Tasting Notes: FEW Spirits

2 Comments on Tasting Notes: FEW Spirits

As we’ve seen over the last year the world of craft distilling is exploding. They’ve been seeing the fruits of the expansion over in the USA for a while but there are two big challenges for international distribution of craft spirits: Firstly, sending alcoholic drinks around the world isn’t as easy as sticking a bottle in a box and taking it down to the post office, especially when you start getting up to retail quantities of spirits. There are laws and taxes to be negotiated, shipping costs to factor in and you also need to find someone overseas who wants your spirit.

Secondly there’s the issue of capacity – if you make juice good enough that they want it on the other side of the world there’s a good chance that your local drinkers are going to want it as well, and small distilleries can only make so much spirit. As such there’s often very little left over after the locals have bought their share, making it quite hard to find if it does reach a far off shore.

Fortunately a few US distilleries are getting over both of these hurdles and are setting up supply lines into the UK. We’ve already talked about Tuthiltown and Balcones on the blog fairly recently, but one of the newest entries into the market over here is FEW spirits, from Evanston near Chicago.

Despite them generally being referred to as Few the company is actually F.E.W. Spirits, named for former Evanston resident and temperance campaigner Frances E Willard, who would definitely not approve of the distillery’s output. In the late 19th century she established Evanston as a key headquarters of the Temperance Movement and although she didn’t live long enough to see the outcome of her work, she was one of the key players in helping move the USA towards Prohibition. The town itself has been dry for much of its existence, only legalising the sale of alcohol in the 1990s, making it a strangely (in)appropriate place to set up a distillery.

Master distiller Paul Hletko comes from a background of producing alcohol, with his great-grandfather producing beer in Czechoslovakia before the Second World War. However, during the war the brewery was lost to the Nazis and the family moved away from brewing. After Paul’s grandfather died in 2008 he decided to go back to his family’s roots and started up FEW as a tribute.

The founding of the distillery has a story, as does the location and, fittingly, so does the design of their bottles. In 1893 “The World’s Columbian Exposition”, generally known as The Chicago World’s Fair, was held in Chicago to celebrate the 400th anniversary of Columbus’s ‘discovery’ of North America. This was during the height of Frances Willard’s work in Evanston and so now FEW have decided to honour the World’s Fair by showing it on their bottles. Each of their labels features a famed landmark from the fair, including statues, buildings and the original Ferris Wheel. Stuck to the side of each bottle is a replica Fair ticket, filled out with details of who distilled the batch in the bottle and which cask it’s from, with various friends of the distillery having casks dedicated to them.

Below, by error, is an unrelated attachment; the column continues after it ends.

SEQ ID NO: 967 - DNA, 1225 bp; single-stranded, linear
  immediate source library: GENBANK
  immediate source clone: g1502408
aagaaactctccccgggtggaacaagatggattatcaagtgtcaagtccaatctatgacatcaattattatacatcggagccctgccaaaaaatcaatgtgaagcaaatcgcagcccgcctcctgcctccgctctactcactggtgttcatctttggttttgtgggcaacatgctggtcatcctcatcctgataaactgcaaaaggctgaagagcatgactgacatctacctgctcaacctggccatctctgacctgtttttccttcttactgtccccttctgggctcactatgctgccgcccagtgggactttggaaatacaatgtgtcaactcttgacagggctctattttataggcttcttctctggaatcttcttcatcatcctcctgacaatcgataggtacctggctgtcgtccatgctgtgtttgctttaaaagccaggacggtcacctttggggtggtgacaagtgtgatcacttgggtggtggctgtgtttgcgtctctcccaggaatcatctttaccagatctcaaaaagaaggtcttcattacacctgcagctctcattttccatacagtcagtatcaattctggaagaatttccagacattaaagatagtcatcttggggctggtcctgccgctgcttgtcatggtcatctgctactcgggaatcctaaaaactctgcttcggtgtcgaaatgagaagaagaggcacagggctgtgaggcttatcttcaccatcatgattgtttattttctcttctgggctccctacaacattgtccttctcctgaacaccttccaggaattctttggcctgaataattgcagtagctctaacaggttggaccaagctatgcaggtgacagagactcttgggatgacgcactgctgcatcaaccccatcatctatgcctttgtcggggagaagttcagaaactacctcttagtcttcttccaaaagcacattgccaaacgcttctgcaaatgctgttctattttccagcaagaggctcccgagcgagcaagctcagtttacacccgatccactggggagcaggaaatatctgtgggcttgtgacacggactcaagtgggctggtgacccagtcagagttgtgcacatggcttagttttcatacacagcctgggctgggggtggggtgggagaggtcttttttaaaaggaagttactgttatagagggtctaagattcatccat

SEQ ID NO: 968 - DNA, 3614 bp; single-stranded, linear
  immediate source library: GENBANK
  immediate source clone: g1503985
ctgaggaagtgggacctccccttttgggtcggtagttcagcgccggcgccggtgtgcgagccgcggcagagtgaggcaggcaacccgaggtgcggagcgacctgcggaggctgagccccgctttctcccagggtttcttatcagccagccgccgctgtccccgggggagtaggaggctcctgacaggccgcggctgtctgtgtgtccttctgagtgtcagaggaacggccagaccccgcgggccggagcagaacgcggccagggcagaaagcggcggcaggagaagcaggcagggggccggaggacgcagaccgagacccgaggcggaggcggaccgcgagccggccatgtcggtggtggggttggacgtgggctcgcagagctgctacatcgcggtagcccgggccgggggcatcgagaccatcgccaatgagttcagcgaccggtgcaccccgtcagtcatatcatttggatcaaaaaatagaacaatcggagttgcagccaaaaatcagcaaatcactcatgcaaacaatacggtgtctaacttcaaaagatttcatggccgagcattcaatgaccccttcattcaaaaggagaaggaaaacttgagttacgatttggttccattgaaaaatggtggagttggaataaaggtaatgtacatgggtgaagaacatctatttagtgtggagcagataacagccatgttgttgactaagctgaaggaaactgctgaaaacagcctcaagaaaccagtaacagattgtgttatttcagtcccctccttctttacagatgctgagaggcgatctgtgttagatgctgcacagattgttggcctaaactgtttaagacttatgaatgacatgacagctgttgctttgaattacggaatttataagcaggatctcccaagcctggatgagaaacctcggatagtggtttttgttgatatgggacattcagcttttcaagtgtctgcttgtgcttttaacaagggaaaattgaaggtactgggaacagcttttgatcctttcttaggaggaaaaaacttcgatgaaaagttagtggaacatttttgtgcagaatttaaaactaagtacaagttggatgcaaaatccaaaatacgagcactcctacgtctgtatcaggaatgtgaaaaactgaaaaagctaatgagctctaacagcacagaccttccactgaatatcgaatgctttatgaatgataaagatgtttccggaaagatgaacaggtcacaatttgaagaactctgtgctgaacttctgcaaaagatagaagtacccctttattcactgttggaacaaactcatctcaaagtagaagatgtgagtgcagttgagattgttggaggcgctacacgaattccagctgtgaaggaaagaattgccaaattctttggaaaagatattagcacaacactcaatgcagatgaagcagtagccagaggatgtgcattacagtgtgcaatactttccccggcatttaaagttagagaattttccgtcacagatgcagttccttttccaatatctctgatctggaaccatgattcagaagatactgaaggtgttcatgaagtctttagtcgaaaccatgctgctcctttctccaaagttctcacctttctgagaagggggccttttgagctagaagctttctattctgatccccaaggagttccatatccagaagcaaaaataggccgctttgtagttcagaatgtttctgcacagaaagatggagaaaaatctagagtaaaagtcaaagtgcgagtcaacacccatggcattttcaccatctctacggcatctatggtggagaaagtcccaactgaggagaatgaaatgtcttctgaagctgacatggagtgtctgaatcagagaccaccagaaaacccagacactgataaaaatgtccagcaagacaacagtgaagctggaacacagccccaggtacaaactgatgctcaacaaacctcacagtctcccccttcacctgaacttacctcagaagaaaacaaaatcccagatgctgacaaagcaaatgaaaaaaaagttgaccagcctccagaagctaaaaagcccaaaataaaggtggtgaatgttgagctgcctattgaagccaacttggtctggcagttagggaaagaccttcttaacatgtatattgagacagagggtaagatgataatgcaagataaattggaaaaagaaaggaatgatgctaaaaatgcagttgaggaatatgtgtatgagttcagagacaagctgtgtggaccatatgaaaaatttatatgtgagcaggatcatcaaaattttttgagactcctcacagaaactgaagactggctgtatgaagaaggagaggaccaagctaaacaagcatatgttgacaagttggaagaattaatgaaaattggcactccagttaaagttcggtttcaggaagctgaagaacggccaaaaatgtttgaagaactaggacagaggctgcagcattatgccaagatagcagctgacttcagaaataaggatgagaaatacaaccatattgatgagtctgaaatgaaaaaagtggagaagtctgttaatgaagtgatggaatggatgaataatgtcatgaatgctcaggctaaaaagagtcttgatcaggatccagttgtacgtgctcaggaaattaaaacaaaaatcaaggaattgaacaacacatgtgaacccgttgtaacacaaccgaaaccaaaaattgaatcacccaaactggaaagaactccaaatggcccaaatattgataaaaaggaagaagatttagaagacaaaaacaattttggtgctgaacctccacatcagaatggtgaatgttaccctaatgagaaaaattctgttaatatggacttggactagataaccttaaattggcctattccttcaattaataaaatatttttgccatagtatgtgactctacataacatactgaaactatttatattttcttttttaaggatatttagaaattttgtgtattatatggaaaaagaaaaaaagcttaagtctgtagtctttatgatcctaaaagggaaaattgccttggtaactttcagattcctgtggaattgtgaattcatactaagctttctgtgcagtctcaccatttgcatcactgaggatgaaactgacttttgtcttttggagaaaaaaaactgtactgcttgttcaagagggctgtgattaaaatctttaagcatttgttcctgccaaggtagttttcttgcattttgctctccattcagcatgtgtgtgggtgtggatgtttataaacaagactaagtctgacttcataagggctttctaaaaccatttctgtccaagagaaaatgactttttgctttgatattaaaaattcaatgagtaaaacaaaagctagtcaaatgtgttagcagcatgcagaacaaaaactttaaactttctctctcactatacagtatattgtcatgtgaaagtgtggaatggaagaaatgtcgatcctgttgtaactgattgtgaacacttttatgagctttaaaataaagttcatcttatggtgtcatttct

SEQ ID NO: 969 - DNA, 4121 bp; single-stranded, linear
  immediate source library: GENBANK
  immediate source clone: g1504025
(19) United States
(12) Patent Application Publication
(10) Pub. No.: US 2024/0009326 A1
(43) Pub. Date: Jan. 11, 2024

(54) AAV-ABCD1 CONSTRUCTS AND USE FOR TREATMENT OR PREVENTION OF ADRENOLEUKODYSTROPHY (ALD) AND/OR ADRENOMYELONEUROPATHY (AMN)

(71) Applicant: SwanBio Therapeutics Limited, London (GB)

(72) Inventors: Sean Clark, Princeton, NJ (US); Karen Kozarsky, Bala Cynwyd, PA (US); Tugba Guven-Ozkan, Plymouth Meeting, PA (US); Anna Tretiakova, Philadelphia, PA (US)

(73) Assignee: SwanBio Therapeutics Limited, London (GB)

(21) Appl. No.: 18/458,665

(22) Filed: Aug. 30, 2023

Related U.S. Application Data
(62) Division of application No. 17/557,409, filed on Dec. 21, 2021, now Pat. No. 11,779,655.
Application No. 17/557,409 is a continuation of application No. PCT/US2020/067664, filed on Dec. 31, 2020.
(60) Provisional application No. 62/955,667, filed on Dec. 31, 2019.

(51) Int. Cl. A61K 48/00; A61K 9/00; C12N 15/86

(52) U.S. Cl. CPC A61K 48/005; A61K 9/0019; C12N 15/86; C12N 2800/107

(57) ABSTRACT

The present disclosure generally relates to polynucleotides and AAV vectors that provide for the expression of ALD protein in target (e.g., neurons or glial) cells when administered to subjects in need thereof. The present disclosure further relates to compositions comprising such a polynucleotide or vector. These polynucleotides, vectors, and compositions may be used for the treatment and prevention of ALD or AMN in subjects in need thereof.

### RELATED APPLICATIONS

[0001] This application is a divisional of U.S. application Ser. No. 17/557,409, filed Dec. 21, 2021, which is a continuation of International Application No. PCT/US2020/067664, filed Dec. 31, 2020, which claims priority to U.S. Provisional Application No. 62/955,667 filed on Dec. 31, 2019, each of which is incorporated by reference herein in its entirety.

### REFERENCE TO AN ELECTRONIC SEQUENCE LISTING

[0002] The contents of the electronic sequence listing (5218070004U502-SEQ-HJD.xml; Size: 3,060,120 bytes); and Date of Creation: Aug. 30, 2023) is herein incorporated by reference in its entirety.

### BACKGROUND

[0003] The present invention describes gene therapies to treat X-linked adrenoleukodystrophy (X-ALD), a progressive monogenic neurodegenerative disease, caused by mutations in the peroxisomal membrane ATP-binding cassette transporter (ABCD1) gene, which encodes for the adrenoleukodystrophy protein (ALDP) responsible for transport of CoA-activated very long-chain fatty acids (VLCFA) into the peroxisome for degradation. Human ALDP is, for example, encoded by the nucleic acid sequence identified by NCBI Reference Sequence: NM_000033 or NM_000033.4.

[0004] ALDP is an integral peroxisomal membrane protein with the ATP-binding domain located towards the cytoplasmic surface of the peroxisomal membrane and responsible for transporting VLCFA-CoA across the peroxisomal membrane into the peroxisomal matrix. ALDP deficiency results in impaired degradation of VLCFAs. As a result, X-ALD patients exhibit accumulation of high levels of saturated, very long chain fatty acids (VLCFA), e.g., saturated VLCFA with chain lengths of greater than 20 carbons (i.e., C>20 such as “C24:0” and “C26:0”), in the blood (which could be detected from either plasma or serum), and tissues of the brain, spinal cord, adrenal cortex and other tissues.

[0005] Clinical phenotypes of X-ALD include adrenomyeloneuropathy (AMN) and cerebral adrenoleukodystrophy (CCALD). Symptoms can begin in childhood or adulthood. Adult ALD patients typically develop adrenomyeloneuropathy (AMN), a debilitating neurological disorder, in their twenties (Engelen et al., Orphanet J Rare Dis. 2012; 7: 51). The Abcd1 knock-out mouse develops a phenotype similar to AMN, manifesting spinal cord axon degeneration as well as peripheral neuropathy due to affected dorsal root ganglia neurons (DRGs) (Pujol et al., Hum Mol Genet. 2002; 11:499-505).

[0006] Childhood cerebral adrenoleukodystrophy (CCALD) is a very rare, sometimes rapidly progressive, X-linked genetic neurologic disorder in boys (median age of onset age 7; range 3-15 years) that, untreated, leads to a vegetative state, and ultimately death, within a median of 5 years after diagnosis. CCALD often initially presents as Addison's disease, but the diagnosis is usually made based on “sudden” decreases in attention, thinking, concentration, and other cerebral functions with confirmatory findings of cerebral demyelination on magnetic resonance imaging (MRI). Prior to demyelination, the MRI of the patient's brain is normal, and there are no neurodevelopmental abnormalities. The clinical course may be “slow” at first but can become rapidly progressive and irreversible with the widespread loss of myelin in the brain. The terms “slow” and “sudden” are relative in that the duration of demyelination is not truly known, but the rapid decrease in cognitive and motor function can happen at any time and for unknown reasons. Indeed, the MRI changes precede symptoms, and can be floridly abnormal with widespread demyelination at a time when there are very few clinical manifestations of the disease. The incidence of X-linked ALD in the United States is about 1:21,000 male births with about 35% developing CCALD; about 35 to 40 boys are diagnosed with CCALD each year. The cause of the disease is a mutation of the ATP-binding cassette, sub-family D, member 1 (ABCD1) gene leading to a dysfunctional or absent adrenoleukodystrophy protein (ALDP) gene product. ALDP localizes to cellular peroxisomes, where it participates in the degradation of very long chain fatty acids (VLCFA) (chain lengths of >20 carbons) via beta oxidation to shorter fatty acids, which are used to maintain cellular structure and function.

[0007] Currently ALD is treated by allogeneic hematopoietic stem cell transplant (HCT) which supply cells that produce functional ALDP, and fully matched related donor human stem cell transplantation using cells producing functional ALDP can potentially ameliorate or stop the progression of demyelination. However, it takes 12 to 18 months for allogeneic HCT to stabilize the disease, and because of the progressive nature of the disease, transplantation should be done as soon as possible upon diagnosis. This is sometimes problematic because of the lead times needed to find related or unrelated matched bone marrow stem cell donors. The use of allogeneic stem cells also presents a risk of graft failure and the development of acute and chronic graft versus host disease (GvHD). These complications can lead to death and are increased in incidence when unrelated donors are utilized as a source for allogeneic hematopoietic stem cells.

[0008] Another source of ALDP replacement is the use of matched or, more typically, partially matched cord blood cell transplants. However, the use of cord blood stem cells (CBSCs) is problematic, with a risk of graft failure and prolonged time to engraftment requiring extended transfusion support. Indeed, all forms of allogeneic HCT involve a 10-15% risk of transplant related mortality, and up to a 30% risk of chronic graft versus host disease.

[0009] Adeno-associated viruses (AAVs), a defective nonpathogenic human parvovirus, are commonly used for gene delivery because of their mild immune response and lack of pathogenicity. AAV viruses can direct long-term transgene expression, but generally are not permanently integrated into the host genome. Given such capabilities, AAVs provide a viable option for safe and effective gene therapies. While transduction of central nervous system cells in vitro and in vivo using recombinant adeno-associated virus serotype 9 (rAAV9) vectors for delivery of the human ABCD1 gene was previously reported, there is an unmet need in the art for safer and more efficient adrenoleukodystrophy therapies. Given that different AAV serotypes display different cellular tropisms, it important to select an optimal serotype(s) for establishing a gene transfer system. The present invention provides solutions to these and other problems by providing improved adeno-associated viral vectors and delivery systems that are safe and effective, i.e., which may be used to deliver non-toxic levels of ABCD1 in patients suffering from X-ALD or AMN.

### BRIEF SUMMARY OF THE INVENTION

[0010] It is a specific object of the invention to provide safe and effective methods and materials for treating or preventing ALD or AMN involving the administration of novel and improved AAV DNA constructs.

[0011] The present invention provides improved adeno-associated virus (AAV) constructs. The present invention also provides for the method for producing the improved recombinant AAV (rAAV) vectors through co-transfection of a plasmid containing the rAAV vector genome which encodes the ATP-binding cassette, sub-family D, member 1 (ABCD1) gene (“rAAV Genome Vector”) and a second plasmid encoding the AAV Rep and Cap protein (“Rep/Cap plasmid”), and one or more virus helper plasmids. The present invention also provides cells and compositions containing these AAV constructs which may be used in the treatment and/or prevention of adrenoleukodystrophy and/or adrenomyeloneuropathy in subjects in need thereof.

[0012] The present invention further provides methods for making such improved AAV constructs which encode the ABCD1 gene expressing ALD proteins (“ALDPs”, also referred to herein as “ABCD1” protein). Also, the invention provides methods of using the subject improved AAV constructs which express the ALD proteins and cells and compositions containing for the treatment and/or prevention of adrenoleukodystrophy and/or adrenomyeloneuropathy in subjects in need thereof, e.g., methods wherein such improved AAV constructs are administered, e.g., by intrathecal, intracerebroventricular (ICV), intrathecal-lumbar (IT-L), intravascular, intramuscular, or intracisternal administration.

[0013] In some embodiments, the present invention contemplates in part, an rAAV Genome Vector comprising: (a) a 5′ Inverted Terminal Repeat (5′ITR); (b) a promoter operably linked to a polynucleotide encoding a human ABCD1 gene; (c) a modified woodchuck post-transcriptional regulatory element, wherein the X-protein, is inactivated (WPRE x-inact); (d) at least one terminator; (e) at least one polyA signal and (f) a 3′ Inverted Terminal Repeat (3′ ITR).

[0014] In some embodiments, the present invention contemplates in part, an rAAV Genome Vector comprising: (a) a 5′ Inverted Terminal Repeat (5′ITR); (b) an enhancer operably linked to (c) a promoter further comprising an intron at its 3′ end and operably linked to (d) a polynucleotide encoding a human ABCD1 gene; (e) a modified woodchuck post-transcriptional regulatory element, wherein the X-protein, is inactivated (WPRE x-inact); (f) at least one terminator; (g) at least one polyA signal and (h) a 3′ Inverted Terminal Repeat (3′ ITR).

So, what’s actually in the bottles? As with many young distilleries FEW offers a selection of unaged spirits along with some cask matured bottlings, allowing them to generate a bit of turnover while their spirit matures. However, rather than the often seen approach of using neutral spirit made elsewhere to make gin and vodka FEW use their own spirit to create something a little bit different.

First up is the FEW White Whiskey, made from a corn-heavy mash of 70% corn, 20% wheat and 10% malt. It’s unaged and uses a different mash bill to their matured whiskey, designed specifically to work as a white spirit. They double distil to a relatively low 77.5%, leaving in a lot of the flavour from the wash, before diluting to 40% for bottling.

Nose: Grain, caraway, gentle spice and a grind of black pepper. It smells a bit like a good tequila.

Palate: Sweet but with a solid minerality balancing things – spice, moss, damp bark, rock pools and sweet grain.

Finish: Sour and, strangely, woody, with creamy crushed grain, peach stones and oily seeds.

Comment: A solid white whiskey with lots of character.

Following on from the White Whiskey is their American Gin, made using the same mash bill as the White Whiskey although with the base spirit distilled up towards 90% ABV, to temper the flavour and let the botanicals come through. The recipe has the regular juniper and more common plants such as fennel, as well as less seen ingredients like vanilla and hops. The eleven botanicals are mainly locally sourced, with the hops coming out of Paul’s back garden, but the vanilla comes from further afield, although it still has a connection to the distillery as Paul’s sister worked on the farm where it’s grown while serving in the Peace Corps.